Internet of Things Is Causing More Problems Than Solutions
A relatively new concept, the Internet of Things (IoT) refers to any and every Wi-Fi-enabled device on the market today. From smartphones to smart refrigerators, IoT is a simple idea that’s becoming increasingly complicated. That’s because more devices are beginning to fall under the broad umbrella. And while there’s no arguing that this growing interconnections has made our lives easier, there are a few risks involved.
What is IoT?
Originally designed to help make everyday life easier, IoT categorizes devices based on their ability to connect and sync with other applications. In other words, it’s the basic idea that if it can be connected to the internet, it can be used to link up with other devices to help improve our day-to-day.
Soon every device we own could be connected to our personal and private lives: shopping applications could start automatically rifling through browsing habits and phone’s exact location to offer the perfect purchase; smart fridges could be able to instantly detect when you’re getting low on milk and eggs and even go so far as to order new groceries autonomously; and smart home detectors, which will soon be the norm for new houses, could make it possible for you to control all of your home’s applications remotely.
This seemingly unlimited and universal access to information and technology could offer numerous benefits, including providing more government transparency, but it also comes with a few caveats, namely in the form of privacy.
How IoT could infringe on your privacy
One of the major downsides to this growing inter connectivity lies in the question of privacy—namely the fact that most of these devices come with very little (if any) privacy protocols. What’s more, most of these newer tech gadgets offer paltry security settings.
In fact, for many cyber security experts, security concerns have been a looming issue, especially when it comes to man-in-the-middle attacks, which is when hackers hijack a network by eavesdropping and potentially altering the communications. By taking control of a person’s smartphone, for instance, hackers can gain entry into every device, app, text, and email connected to it. And with IoT devices syncing any and everything under the sun, this means that the potential information hackers could be hypothetically gain access to could be limitless.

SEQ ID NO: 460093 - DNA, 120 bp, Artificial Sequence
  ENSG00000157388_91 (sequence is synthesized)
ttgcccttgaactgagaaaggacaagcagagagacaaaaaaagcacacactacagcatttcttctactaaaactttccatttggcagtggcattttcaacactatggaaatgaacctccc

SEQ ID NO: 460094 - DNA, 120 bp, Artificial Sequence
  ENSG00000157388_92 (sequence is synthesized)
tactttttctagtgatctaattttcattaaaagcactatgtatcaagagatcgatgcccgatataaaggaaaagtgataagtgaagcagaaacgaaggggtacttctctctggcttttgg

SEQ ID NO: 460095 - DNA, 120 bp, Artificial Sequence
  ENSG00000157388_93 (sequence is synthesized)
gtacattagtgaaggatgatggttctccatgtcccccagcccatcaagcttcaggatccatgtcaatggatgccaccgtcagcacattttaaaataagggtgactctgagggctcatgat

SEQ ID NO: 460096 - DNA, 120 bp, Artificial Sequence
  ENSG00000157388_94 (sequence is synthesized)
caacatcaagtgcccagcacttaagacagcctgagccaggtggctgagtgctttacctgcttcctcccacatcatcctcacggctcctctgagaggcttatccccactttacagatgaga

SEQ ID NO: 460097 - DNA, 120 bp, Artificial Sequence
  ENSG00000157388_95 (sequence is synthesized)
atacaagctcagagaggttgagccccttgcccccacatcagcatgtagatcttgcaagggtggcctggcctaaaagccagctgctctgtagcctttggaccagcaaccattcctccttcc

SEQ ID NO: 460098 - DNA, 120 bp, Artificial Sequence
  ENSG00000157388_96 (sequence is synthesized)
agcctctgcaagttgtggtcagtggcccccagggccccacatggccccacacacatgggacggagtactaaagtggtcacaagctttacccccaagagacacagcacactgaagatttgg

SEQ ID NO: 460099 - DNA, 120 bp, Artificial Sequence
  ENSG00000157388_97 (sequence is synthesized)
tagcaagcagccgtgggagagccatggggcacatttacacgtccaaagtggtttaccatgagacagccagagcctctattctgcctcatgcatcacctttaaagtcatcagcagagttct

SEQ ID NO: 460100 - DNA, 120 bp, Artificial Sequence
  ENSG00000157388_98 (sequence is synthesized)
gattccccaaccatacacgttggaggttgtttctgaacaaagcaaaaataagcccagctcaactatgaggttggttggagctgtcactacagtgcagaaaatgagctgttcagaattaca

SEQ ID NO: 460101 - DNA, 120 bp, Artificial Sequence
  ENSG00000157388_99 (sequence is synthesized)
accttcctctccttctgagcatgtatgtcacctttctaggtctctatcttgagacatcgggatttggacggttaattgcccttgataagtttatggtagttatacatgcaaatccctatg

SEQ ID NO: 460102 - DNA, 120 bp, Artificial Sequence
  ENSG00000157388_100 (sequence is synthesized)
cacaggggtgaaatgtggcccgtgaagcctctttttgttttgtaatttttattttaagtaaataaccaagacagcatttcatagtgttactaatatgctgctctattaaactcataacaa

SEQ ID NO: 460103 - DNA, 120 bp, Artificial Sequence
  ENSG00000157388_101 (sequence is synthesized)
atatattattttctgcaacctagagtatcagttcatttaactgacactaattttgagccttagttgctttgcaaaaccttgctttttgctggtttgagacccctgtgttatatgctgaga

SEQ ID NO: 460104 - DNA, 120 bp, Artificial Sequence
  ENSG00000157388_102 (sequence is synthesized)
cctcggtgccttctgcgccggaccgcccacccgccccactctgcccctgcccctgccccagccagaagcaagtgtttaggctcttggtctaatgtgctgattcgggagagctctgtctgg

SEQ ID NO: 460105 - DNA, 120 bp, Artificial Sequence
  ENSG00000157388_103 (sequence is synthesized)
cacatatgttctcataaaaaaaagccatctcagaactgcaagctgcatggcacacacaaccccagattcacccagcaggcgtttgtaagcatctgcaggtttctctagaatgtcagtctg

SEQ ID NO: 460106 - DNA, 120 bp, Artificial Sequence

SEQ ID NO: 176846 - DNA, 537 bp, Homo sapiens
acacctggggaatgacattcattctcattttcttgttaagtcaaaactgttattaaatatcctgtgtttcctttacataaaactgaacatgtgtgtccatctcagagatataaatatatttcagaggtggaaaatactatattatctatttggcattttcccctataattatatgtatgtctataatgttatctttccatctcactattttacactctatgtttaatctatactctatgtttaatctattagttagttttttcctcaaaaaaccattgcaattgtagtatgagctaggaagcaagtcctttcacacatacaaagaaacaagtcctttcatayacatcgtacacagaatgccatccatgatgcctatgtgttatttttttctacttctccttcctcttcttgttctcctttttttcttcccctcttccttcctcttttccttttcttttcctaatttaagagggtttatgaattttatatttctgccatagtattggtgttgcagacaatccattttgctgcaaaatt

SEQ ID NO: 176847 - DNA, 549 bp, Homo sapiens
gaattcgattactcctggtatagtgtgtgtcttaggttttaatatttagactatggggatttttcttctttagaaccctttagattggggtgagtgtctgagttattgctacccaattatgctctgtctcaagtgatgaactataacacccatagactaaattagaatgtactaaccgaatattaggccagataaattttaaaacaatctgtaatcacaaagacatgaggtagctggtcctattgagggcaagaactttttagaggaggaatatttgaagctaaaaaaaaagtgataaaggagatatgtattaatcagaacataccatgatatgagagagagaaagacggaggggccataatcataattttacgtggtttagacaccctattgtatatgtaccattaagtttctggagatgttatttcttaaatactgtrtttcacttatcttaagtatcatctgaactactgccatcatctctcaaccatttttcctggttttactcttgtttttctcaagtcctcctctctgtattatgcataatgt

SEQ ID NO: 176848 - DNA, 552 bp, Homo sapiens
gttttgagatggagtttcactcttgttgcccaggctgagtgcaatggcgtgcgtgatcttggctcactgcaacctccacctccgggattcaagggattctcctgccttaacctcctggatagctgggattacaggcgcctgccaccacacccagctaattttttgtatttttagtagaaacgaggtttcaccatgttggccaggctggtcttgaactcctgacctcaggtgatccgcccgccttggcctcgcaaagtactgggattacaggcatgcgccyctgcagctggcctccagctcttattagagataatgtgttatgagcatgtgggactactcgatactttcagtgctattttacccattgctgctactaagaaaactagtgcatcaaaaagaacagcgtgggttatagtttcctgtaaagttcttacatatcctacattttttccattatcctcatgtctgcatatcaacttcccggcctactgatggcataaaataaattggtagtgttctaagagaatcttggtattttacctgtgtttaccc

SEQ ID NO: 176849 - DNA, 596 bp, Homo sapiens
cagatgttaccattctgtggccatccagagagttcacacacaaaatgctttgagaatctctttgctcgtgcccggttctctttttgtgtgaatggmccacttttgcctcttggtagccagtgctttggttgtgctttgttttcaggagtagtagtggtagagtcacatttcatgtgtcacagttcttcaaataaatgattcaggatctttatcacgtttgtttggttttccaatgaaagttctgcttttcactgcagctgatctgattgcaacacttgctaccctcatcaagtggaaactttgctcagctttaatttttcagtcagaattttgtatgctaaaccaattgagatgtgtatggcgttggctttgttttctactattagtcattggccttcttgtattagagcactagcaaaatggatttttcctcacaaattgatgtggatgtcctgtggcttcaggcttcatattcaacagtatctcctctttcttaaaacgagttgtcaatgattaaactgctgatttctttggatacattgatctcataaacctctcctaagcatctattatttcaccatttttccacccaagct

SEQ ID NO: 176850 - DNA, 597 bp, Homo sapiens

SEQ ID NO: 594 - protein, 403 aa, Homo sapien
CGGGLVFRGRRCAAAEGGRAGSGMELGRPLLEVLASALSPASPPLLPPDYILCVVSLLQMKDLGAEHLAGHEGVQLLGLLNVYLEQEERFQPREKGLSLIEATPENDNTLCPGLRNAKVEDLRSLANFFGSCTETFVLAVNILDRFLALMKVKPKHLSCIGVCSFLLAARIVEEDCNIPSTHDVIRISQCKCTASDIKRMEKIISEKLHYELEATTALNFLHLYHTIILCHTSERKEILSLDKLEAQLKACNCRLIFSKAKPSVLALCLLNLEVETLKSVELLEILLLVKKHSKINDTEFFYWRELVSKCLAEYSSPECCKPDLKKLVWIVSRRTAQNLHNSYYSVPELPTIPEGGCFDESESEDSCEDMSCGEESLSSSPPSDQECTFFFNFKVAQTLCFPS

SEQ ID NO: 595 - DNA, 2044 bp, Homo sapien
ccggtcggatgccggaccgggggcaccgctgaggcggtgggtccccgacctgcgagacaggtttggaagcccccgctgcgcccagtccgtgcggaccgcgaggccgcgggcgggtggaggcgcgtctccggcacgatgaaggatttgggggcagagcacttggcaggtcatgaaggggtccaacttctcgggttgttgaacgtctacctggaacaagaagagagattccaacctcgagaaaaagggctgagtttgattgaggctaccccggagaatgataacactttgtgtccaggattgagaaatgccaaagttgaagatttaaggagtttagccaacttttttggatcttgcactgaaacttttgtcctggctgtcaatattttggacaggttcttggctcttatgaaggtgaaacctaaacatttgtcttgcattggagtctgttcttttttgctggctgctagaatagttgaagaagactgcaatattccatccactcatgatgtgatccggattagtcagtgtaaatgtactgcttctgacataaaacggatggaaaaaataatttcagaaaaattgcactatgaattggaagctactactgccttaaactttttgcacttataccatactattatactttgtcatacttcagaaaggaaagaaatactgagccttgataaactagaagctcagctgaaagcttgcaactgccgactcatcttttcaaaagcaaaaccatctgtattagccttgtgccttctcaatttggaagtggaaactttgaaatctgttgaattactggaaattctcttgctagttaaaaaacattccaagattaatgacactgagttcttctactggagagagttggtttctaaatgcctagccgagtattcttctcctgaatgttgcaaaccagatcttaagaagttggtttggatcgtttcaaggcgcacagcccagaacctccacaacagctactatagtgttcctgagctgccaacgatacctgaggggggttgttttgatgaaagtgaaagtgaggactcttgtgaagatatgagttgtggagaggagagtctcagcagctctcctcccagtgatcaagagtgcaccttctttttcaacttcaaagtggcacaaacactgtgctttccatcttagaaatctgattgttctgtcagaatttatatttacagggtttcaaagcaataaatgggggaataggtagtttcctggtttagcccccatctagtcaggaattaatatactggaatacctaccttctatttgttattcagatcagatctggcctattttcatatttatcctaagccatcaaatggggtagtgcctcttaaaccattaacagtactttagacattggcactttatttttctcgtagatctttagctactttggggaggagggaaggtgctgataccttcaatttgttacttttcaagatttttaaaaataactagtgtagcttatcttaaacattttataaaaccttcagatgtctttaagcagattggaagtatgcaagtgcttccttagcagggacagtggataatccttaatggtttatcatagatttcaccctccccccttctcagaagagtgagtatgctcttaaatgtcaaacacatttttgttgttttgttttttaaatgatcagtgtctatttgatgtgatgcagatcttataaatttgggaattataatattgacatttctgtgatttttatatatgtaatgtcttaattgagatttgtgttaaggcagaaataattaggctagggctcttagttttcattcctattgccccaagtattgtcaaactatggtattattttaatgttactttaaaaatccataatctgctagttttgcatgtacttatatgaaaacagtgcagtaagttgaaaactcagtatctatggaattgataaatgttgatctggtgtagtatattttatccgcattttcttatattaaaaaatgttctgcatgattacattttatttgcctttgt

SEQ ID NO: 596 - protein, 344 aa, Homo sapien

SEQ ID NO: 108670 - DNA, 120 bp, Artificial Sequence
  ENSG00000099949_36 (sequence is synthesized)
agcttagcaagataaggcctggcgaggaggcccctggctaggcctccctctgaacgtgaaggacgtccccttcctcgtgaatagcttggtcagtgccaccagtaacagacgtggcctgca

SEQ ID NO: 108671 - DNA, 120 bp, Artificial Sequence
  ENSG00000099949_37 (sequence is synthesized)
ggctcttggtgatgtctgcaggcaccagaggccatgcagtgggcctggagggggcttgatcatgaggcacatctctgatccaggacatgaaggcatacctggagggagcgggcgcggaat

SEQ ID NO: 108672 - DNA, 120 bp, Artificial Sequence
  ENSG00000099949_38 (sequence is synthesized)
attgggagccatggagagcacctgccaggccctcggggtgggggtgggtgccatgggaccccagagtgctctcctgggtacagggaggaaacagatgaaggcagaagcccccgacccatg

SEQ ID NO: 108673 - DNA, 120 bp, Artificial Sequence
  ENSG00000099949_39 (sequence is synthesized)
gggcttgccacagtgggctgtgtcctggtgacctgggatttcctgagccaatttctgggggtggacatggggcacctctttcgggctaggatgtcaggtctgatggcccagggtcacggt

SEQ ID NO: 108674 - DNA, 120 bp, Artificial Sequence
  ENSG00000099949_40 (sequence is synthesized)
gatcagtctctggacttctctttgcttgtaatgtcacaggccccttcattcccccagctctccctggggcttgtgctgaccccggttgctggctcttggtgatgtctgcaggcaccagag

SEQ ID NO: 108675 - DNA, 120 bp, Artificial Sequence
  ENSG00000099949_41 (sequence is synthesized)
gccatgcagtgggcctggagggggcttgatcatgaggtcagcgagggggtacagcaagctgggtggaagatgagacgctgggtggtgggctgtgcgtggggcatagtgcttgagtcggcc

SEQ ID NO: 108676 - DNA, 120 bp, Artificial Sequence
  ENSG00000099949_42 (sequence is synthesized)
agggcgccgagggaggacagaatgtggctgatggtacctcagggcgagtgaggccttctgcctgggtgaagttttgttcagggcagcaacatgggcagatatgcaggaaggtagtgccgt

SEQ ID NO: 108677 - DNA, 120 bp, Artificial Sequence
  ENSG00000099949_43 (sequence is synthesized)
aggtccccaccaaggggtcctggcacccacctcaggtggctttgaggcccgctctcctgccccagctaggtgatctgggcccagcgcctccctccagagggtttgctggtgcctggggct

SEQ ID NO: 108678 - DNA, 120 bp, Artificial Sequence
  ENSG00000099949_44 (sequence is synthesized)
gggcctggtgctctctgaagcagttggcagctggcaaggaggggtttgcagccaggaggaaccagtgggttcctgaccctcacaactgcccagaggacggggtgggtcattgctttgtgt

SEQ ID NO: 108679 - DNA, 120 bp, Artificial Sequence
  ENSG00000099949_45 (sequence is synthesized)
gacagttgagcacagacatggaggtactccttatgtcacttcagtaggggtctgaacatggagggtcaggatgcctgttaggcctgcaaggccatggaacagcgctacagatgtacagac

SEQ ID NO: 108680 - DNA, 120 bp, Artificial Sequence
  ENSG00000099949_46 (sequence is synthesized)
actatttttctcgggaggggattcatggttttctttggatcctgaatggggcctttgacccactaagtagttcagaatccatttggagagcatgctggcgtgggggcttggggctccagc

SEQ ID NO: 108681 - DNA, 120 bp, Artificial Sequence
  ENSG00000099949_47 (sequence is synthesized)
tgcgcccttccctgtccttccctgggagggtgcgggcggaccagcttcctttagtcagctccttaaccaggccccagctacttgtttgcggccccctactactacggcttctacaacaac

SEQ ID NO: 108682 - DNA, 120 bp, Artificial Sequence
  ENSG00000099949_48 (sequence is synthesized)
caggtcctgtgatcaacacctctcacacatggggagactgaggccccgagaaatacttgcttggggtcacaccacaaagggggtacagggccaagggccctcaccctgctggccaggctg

Technology and privacy: a fateful combination
While many advocates foresee a future where IoT will help force more accountability in government, the general consensus is that this growing technology could be—and likely already is—used for social and political manipulation.
Privacy experts warn that this growing inter connectivity could come with several real-life implications. For one, an insurance company could potentially use these smart devices to monitor your health and thereby decide to approve or reject coverage based solely on the data mined from your smart apps. Another possibility would be a potential employer deciding to hire or fire you based on your browser search history.
There have already been cases of smart TVs recording users’ watching habits, and smart thermostats recording people’s conversations. Even voice-activated apps like Siri have come under fire for allegedly recording and mining people’s shopping habits. When you combine these and sprinkle in even more smart devices, the potential privacy risks almost outweigh the benefits.
How to help secure your privacy
You may not be able to stop the coming onslaught of IoT devices, but you can help prep yourself in the event of a data breach. For one, make sure all your devices and apps are up to date. You may find it annoying to have to deal with constant in-app updates, but these updates usually include vital patches and fixes to help keep your device protected from attacks.
You can also go a step further and manually disable what types of services your apps are able to access. A photo app asking to access your phone’s camera makes complete sense, but a gaming app asking to access your contacts and location should raise a few red flags.
Finally, look into adding a little anonymity to your online network by securing your devices with a Virtual Private Network (VPN). As highly effective security tools, VPNs are incredibly easy to use and help add an extra layer of privacy to your online network by encrypting your communications and anonymizing your location.